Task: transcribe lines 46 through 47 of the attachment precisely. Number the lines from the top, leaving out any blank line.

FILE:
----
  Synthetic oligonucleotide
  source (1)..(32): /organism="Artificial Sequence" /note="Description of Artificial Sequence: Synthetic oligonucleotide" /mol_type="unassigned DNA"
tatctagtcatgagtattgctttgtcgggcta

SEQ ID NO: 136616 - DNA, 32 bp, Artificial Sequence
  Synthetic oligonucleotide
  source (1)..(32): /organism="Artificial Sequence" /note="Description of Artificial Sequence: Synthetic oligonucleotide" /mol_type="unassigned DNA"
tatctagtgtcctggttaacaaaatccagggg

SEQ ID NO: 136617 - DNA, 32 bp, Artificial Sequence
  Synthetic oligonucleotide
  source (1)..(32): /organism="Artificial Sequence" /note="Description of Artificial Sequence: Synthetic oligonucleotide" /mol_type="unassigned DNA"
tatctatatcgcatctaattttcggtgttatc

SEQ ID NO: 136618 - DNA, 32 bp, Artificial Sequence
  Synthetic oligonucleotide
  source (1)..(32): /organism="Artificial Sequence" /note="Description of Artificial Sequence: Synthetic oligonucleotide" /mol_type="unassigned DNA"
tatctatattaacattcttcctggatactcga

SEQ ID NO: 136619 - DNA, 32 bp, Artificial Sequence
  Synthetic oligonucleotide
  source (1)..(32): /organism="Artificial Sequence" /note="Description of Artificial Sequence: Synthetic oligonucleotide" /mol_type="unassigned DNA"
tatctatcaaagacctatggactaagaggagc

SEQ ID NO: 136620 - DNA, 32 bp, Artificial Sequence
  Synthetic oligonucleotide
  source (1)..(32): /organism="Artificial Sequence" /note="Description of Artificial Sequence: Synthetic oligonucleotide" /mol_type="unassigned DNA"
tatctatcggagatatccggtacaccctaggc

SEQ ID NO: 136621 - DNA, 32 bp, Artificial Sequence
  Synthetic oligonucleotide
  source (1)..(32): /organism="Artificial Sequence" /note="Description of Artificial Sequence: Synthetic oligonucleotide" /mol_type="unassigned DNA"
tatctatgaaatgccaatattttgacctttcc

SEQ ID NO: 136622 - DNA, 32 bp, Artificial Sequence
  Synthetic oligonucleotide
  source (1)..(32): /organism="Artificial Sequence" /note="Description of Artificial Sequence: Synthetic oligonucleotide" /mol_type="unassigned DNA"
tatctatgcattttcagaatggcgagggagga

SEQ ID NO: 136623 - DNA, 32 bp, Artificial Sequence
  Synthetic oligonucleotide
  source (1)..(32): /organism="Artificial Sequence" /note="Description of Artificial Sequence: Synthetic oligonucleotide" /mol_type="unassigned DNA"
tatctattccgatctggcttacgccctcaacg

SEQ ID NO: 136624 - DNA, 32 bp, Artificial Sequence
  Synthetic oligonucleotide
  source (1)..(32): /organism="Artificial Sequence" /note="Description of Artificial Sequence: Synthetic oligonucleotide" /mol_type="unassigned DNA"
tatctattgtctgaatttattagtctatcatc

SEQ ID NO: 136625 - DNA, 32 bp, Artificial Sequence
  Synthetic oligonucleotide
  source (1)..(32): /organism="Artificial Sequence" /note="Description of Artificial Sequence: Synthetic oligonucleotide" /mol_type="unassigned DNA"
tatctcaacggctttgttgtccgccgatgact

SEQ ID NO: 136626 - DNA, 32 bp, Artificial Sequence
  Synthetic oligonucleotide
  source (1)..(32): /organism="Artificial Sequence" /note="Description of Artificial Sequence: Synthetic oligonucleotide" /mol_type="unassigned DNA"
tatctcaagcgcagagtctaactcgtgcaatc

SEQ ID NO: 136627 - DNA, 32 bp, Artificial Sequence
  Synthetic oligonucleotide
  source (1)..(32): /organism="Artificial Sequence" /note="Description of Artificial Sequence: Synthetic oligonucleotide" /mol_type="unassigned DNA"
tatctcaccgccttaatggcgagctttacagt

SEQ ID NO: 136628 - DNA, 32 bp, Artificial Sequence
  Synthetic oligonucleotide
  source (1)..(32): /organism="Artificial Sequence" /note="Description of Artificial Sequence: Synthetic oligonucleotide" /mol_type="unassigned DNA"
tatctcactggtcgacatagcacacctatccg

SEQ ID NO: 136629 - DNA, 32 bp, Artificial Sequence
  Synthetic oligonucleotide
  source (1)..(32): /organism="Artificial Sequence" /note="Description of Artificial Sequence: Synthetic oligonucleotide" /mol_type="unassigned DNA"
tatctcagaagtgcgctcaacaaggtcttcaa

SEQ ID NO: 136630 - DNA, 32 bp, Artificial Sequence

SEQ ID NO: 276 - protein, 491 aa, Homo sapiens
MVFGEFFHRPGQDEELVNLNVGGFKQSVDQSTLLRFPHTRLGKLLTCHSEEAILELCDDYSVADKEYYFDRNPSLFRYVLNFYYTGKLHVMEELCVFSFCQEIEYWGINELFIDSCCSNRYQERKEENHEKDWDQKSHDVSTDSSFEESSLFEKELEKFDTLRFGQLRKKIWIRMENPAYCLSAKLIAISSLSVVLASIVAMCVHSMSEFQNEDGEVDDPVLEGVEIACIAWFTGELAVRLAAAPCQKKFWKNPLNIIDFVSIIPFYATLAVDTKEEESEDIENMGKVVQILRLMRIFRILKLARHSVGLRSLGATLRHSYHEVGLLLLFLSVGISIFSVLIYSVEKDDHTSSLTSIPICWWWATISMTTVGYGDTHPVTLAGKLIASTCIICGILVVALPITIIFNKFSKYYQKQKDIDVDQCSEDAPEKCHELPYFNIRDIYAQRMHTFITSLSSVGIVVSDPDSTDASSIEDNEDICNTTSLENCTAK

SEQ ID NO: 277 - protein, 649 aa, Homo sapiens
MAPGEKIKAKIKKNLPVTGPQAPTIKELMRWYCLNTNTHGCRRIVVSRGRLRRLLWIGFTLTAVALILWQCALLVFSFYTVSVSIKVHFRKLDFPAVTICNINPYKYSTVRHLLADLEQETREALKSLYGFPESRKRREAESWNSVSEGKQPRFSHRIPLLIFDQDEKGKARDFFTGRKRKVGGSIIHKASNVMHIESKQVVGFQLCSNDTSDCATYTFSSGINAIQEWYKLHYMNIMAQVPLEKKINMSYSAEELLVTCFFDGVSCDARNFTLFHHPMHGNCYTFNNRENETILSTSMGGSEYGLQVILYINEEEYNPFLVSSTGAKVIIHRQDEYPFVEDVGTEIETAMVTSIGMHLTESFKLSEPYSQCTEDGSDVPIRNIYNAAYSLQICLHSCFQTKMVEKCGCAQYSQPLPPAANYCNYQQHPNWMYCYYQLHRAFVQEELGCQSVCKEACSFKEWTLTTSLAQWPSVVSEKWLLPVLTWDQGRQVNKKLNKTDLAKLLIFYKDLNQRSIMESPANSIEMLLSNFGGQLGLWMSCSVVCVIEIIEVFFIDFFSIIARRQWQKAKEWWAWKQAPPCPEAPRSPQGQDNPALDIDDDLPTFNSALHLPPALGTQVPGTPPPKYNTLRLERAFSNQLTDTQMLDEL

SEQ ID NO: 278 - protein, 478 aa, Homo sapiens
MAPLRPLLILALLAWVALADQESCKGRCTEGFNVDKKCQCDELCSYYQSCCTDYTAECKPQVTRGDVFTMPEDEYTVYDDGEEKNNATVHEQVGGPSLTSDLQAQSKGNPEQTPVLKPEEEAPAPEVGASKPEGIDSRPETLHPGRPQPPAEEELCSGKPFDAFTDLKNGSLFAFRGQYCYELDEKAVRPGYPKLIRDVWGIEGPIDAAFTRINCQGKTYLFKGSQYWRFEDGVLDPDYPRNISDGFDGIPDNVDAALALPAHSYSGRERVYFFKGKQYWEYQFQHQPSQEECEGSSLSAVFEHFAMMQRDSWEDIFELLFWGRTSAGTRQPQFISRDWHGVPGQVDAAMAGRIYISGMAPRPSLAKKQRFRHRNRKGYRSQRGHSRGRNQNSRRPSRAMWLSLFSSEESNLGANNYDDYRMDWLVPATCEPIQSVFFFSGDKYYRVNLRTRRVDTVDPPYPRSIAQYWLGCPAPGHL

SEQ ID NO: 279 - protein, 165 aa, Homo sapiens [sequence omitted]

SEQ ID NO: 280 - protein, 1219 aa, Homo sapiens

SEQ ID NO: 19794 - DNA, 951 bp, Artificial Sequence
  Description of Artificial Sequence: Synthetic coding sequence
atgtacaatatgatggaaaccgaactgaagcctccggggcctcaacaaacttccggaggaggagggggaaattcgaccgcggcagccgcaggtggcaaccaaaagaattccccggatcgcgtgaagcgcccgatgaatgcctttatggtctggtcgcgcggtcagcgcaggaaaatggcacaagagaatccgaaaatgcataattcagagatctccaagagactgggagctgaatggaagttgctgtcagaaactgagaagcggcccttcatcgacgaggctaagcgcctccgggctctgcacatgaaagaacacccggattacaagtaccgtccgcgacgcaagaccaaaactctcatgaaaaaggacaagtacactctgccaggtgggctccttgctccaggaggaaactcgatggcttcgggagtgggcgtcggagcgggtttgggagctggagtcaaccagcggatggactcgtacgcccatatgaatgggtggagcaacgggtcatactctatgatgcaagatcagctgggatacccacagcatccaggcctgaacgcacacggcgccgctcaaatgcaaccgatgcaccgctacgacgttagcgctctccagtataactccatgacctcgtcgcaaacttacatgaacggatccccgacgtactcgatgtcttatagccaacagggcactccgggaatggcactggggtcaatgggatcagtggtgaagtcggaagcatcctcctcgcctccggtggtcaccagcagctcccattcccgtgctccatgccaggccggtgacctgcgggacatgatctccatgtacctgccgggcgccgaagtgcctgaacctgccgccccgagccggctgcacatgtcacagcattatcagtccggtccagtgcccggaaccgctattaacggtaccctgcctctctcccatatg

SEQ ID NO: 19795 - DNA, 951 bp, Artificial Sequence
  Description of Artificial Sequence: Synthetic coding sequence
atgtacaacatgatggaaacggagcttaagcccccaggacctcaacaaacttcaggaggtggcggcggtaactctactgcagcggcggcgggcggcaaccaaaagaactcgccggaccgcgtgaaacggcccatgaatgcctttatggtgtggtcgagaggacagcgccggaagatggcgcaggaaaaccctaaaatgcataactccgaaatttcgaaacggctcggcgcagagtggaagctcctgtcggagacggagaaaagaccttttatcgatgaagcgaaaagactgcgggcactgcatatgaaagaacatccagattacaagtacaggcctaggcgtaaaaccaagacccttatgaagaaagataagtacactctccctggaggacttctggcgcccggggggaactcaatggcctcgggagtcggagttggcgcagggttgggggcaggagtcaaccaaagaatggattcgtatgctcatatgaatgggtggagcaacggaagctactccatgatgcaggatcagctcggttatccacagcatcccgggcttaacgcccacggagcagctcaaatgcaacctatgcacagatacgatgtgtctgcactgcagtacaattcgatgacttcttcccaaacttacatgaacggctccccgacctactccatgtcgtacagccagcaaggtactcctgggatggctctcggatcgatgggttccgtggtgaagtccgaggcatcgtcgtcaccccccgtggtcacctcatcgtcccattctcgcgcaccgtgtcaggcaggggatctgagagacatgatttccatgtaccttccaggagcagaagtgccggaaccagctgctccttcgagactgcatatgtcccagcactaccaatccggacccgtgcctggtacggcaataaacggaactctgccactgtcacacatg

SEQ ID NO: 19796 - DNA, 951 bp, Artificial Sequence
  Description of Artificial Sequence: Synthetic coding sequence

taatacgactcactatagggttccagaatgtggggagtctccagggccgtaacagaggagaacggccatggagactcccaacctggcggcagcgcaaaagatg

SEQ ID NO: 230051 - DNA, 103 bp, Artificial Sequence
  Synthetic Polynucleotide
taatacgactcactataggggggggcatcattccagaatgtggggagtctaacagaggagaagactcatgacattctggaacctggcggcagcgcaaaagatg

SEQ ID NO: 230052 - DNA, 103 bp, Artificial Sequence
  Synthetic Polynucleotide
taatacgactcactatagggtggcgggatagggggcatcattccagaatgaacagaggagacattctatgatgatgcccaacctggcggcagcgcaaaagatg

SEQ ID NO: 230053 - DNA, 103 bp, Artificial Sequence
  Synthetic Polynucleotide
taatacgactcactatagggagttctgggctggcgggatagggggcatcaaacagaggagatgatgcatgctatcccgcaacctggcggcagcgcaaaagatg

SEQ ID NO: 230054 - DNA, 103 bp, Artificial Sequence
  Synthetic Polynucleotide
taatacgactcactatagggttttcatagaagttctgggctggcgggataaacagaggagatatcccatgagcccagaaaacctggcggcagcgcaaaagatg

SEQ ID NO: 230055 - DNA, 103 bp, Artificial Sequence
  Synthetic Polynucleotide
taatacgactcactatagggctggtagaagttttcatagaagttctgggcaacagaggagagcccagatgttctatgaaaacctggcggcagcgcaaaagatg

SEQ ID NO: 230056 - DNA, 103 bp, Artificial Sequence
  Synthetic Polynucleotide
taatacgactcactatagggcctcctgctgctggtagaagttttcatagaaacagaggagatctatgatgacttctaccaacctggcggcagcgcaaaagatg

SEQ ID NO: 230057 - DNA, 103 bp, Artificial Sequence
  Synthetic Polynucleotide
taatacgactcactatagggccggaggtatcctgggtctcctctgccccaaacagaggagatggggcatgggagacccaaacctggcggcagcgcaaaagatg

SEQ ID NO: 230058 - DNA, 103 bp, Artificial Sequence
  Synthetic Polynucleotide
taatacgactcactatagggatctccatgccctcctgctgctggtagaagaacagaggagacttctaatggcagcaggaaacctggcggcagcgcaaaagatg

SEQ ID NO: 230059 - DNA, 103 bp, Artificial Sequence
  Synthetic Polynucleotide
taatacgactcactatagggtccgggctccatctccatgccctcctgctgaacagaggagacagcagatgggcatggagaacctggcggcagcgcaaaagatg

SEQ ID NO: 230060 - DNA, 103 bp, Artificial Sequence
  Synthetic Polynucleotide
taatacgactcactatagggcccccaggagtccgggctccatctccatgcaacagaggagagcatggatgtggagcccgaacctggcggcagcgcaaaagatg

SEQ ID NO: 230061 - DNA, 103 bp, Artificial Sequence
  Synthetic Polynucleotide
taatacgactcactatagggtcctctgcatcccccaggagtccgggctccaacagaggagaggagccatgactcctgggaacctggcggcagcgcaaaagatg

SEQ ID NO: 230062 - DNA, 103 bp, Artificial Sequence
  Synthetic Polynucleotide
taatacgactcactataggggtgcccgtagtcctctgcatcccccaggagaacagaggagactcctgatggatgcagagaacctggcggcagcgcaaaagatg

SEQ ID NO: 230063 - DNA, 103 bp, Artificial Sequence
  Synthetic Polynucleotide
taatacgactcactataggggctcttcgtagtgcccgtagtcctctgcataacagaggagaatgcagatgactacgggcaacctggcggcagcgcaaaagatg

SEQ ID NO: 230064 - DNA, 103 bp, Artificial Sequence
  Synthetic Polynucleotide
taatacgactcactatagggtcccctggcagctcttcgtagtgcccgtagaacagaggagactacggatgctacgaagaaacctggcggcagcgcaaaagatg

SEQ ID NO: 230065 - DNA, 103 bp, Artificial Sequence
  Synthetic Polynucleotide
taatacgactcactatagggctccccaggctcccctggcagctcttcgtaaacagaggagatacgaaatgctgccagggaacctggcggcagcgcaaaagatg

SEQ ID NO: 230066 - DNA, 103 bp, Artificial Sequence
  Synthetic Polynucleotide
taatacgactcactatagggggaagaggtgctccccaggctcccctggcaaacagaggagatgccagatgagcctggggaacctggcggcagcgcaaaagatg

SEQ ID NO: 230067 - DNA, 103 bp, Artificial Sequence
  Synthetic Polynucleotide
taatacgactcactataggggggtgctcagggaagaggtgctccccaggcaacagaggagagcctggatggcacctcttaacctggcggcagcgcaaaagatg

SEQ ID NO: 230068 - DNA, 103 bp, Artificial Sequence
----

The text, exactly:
  source (1)..(32): /organism="Artificial Sequence" /note="Description of Artificial Sequence: Synthetic oligonucleotide" /mol_type="unassigned DNA"
tatctcaagcgcagagtctaactcgtgcaatc